Taiwan’s pandemic restrictions have been so successful that the country has had fewer than 1,000 cases with just nine deaths. Like other Asian countries, Taiwan achieved this feat through strict border closures and rigorous track and tracing. And yet Taiwan’s government knows that a COVID jab is the only way to avoid prolonged international isolation — without it, relaxing border controls could see the island nation consumed by a wave of infections that, so far, it has been able to avoid.
But getting hold of vaccines has been a difficult job. Taiwan is yet to secure enough doses for all of the citizens it wants to vaccinate. For the doses it has secured, a detailed time frame for their rollout is yet to be published. That job becomes more difficult still when navigating a sensitive relationship with your superpower neighbor.
Initially, Taiwan hoped to fill this deficit using doses from the Covax scheme, run in partnership with the World Health Organization of which, at China’s behest, Taiwan is not a member. In late November, Jen-Hsiang Chuang, an official in Taiwan’s Central Epidemic Command Center (CECC), said that Taiwan would be able to purchase enough doses through the Covax scheme to vaccinate at least 10 percent of its population — over two million people.
However, Covax forecasts published earlier this month did not explicitly list Taiwan as a recipient. Instead, 1.3 million doses were allocated to ‘non-UN member states’. Five days after the publication of the forecast, the CECC announced Taiwan would receive just 200,000 doses for the scheme.
For Taiwan, such difficulties are not uncommon; with vaccines, like trade and diplomacy, it must delicately pursue negotiations while avoiding a heavy-handed response from China. Last week, suspicions grew that China was behind a foiled deal to secure five million doses through the German firm BioNTech. In a radio interview on Wednesday, health minister Chen Shi-chung pointed the finger at Beijing. BioNTech is a German company, but its distributor in the greater China region is Shanghai Fosun Pharmaceutical Company. ‘Certain people don’t want Taiwan to be too happy,’ he said. BioNTech has since said they will complete the order.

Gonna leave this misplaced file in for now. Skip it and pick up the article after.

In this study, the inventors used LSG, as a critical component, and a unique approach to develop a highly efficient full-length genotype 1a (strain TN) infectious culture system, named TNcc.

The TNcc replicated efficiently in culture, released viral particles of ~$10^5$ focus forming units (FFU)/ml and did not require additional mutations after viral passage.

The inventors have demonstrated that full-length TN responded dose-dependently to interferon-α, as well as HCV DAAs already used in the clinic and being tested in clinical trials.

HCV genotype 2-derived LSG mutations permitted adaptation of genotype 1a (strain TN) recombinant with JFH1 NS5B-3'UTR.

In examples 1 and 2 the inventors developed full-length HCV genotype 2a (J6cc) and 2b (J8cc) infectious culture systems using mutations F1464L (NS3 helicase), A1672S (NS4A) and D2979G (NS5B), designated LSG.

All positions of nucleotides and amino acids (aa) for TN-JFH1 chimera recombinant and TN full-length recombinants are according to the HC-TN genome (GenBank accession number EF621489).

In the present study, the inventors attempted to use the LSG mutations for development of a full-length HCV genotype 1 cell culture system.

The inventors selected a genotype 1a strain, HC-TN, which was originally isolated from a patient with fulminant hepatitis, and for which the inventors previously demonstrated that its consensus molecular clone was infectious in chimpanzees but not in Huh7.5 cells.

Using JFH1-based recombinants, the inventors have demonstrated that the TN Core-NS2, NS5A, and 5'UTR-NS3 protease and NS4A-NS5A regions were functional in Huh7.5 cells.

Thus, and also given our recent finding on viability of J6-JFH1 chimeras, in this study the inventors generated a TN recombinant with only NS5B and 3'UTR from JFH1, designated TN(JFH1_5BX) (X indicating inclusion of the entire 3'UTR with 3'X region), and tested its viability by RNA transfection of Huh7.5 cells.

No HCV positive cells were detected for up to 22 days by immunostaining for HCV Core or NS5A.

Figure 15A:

Chinese vaccines are also the object of suspicion. Earlier this month, Reuters reported that China had begun offering free vaccinations to Taiwanese people living in the country in a bid to ‘curry favor’ with people they claim as compatriots. Taiwan’s CECC had to discourage the Taiwanese from receiving unauthorized vaccines after rumors surfaced of private groups traveling to China for that reason. Citing efficacy concerns, Taiwan’s government has ruled out purchasing Chinese vaccines.
To some, however, Taiwan’s refusal to authorize a Chinese vaccine is playing politics with public health. A recent editorial in Taiwan’s United Daily News said that ‘the purchase of vaccines should not be subject to political interference.’ Former Taiwanese president Ma Ying-jeou — of the Chinese Nationalist party, the current opposition party which encompasses stances more sympathetic to China — said that if China offered Taiwanese people a vaccine, they should take it.
To others in Taiwan, the idea of voluntarily taking a Chinese vaccine is, quite literally, laughable. A popular TV show host recently pointed out that China was using the vaccine as diplomatic fodder but not actually using it to vaccinate its own people. ‘Xi Jinping’s probably going to get the Pfizer vaccine,’ he said holding back laughter. ‘But he’s not going to tell us!’
Misinformation around vaccines has gone hand-in-hand with their politicization. Earlier this month, the CECC had to deny a front-page story in the United Daily News which claimed the administration had secured 100,000 doses of the Pfizer vaccine through ‘diplomatic channels’ with the United States. The health minister said there was ‘no such thing’, and warned against speculation: ‘misinformation will only hamper our negotiations’.
Taiwan still awaits the arrival of its first COVID-19 vaccinations; the AstraZeneca order is due next month, and the Moderna doses by the middle of the year. As in most countries with vaccine programs already underway, front-line workers will be the first to receive jabs. Until then, Taiwan’s government will do all it can to secure the remaining vaccines without any further complications.
This article was originally published on The Spectator’s UK website.